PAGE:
Dr. Galea serves as Professor and Chair at the Department of Epidemiology at Columbia University Mailman School of Public Health. His primary research interests are on the causes of mental disorders and the role traumatic events play in shaping population health. Dr. Galea also runs a research program that seeks to uncover how social, molecular, and genetic factors shape the health of urban populations. He has previously served on the faculty at the University of Michigan and as an epidemiologist at the New York Academy of Medicine. Dr. Galea was appointed by Mayor Bloomberg to chair the Community Services Board in 2012 and serves as its representative on the Board of Health.
Deepthiman K. Gowda, MD, MPH
Dr. Gowda is an Assistant Clinical Professor of Medicine and Co-Course Director at Columbia University. He received his Doctorate of Medicine degree from the University of North Carolina and his Masters in Public Health from Harvard University. Dr. Gowda is a scholar of the Glenda Garvey Teaching Academy and has been recognized for his outstanding teaching at Columbia University’s medical, dental, nursing and public health schools. Dr. Gowda was appointed to the Board of Health by Mayor Michael Bloomberg in 2011.
Susan Klitzman, DrPH
Dr. Klitzman is a professor and director of the Urban Public Health Program at Hunter College. As an environmental epidemiologist, she has focused on issues of health and safety at home and at work, including efforts to reduce lead, mold and pest exposures in New York City. She previously directed programs in childhood lead poisoning prevention, occupational and environmental epidemiology, and employee health and safety at the Health Department. She was appointed to the Board of Health by Mayor Michael Bloomberg in 2002.
Lynne D. Richardson, M.D., F.A.C.E.P.
Dr. Richardson is Professor of Emergency Medicine, Professor of Health Evidence & Policy, and Vice Chair of Emergency Medicine at the Icahn School of Medicine at Mount Sinai. She is known nationally for her research in emergency medicine, focusing specifically on health care access and barriers to care. Dr. Richardson serves on the Commission to End Health Care Disparities and the Advisory Committee to the Director of the Centers for Disease Control. She was appointed to the Board of Health by Mayor Michael Bloomberg in 2002.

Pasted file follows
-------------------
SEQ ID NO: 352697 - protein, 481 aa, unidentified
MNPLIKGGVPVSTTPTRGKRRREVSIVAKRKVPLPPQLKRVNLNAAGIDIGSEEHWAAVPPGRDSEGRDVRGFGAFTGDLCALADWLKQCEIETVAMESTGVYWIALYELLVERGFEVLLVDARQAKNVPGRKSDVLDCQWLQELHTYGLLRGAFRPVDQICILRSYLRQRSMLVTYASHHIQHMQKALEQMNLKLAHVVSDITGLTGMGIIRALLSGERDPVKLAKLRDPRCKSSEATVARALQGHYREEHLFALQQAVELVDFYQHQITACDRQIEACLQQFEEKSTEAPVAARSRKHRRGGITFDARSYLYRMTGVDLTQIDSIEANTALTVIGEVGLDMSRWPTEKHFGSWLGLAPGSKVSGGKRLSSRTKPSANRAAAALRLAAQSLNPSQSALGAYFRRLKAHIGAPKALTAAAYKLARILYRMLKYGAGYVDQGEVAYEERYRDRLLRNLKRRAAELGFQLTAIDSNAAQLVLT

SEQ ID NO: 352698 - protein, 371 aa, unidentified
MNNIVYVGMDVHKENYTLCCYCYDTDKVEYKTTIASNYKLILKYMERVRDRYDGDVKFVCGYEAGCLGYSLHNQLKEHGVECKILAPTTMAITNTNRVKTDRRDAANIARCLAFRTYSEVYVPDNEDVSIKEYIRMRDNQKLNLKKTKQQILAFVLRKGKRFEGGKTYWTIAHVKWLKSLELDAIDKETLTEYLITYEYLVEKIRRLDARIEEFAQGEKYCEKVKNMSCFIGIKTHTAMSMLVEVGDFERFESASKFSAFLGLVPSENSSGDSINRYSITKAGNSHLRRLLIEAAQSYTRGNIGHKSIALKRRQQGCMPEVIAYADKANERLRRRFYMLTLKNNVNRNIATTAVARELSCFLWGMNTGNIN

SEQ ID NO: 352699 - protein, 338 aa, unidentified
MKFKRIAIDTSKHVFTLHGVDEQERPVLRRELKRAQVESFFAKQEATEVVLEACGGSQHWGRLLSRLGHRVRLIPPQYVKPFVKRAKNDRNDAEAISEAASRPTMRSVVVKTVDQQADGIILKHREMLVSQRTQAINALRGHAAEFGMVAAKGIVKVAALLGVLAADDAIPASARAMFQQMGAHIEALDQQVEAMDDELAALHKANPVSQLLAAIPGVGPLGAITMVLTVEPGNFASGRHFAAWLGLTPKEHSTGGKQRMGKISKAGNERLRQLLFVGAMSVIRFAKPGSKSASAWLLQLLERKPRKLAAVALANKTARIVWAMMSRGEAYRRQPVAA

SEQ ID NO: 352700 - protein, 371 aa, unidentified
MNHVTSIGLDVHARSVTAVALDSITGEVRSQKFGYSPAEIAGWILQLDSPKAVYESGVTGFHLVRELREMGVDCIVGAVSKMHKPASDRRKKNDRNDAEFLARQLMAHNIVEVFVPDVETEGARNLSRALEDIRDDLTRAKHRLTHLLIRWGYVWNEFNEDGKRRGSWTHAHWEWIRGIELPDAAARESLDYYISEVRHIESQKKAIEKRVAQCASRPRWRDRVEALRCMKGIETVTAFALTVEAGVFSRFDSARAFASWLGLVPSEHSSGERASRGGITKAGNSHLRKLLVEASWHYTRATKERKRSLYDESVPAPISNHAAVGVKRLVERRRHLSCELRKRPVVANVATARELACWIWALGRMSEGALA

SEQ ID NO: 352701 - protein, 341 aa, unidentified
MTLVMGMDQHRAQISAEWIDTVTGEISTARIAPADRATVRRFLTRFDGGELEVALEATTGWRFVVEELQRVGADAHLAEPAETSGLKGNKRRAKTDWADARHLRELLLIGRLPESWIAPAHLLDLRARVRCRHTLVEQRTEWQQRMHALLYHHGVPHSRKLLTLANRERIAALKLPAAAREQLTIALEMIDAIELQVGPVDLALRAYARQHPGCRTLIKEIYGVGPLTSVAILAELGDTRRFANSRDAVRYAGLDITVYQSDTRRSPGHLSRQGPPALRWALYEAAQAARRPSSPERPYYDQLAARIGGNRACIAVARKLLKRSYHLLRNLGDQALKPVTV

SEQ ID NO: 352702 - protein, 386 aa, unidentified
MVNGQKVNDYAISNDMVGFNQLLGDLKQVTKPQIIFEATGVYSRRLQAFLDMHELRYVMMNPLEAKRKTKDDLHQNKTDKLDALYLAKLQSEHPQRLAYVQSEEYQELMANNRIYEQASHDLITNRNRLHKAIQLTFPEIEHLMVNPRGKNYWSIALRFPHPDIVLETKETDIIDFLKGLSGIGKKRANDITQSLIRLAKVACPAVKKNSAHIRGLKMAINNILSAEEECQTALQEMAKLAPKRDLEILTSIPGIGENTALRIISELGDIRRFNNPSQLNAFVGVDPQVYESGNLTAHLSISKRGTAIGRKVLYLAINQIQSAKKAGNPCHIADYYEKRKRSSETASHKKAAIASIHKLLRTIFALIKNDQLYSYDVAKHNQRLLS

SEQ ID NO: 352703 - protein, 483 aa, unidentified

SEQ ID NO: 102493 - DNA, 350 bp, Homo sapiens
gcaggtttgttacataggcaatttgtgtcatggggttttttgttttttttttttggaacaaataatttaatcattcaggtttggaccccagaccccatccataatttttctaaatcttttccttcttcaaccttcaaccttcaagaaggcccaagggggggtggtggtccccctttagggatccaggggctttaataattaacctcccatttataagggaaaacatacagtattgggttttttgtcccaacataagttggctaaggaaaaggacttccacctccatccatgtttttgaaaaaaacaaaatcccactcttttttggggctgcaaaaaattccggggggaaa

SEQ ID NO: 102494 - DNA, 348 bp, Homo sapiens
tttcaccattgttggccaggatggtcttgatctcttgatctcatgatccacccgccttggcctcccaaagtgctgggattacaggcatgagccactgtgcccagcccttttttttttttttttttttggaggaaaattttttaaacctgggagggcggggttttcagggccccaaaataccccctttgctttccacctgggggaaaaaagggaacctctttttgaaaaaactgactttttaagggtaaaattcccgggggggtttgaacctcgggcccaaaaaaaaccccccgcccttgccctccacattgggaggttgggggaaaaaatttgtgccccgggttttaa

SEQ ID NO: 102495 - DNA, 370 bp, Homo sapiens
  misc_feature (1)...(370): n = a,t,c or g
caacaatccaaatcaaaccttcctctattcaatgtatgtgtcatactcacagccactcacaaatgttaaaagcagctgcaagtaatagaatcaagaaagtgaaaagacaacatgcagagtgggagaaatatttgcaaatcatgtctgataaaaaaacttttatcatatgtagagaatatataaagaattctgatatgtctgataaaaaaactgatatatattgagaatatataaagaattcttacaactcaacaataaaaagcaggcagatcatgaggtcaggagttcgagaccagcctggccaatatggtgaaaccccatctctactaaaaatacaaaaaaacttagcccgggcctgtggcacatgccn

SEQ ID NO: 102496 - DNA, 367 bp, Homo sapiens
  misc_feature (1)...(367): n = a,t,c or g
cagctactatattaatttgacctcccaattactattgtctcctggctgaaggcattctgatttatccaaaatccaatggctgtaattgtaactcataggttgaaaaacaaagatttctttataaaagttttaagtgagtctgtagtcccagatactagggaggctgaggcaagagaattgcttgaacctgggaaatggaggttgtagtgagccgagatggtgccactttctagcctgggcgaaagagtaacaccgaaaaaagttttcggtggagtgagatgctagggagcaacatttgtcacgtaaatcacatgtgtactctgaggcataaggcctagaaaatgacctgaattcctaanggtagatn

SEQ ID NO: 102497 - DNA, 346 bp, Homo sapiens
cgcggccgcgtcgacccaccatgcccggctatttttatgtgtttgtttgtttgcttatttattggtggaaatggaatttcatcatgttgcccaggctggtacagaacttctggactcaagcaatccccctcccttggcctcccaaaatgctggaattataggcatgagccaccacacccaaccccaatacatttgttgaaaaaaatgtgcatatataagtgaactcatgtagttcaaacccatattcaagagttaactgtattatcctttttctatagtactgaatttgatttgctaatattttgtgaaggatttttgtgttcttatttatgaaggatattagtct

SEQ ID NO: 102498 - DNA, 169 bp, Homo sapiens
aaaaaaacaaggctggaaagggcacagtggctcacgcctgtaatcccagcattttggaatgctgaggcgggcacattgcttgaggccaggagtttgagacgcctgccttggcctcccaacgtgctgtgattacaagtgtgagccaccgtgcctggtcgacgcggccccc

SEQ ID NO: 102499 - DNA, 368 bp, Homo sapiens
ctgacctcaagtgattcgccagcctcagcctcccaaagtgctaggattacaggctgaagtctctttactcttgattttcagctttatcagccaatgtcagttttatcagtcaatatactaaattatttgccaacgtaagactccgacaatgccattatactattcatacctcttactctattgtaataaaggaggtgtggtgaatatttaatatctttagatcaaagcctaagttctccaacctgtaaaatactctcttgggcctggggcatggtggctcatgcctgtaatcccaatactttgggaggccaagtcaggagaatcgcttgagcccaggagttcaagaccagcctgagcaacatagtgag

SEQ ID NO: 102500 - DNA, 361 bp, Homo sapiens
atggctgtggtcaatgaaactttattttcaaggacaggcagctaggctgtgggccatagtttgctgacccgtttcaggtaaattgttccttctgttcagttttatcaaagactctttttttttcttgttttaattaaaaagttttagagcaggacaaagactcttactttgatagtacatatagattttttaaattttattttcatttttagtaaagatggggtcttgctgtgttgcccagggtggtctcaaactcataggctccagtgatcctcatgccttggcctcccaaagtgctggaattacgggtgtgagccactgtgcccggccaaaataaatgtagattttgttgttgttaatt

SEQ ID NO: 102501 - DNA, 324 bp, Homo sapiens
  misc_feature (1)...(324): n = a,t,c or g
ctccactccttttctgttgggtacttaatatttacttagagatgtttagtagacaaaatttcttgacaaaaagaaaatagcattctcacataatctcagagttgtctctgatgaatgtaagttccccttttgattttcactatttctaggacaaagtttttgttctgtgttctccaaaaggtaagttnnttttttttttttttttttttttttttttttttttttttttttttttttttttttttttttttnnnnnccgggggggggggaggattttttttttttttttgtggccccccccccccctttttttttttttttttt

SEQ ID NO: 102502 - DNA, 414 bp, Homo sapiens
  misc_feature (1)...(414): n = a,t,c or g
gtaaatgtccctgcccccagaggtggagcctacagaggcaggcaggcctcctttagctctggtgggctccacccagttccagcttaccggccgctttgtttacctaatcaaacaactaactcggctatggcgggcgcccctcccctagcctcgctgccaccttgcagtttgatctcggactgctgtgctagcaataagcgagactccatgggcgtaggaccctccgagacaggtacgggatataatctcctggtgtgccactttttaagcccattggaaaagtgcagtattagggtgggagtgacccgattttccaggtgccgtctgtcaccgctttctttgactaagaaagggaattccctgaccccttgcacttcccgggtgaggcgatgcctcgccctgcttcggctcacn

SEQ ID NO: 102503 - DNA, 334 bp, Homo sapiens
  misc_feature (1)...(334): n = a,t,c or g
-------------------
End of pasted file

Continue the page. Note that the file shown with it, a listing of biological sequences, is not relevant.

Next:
Bruce C. Vladeck, Ph.D.
Dr. Vladeck is a senior advisor at Nexera Consulting. Previously, he was Administrator of the Health Care Financing Administration, the federal agency responsible for Medicare, Medicaid, and related programs. He spent ten years as President of the United Hospital Fund of New York, and has served on the faculty of Columbia University and Mount Sinai School of Medicine. He was appointed to the Board of Health by Mayor Michael Bloomberg in 2002.
History: From Typhus to Trans Fat
Yellow Fever was plaguing New York City when the Board of Health held its first meeting in 1805. Led by Mayor De Witt Clinton, the board evacuated stricken neighborhoods and started collecting mortality statistics, to "furnish data for reflection and calculation." Yellow Jack swept the city for the last time in 1822, but cholera, typhus and tuberculosis persisted, fueled by crowding and a lack of sanitation.
Everything changed in 1866, when the New York State Legislature expanded the Board and insulated it from political influence by setting aside seats for physicians and scientists. Newly empowered, the Board decreed that "neither hogs nor goats [could] run at large in our city" and pressured landlords to maintain their buildings. Cholera deaths promptly fell by 90 percent.
The 11-member Board of Health remains a vital force today. Most members - appointed by the Mayor with the consent of the City Council - serve six-year terms. Each Board member is a recognized expert, and the group represents a broad range of health and medical disciplines. They serve without pay and, like judges, cannot be dismissed without cause. As the overseer of New York City's Health Code, the Board has enacted countless measures to improve the wellbeing of New Yorkers over the years - including a ban on interior lead paint, modern tuberculosis control provisions and, more recently, a plan for eliminating trans fat from restaurants.
Last updated March 5, 2013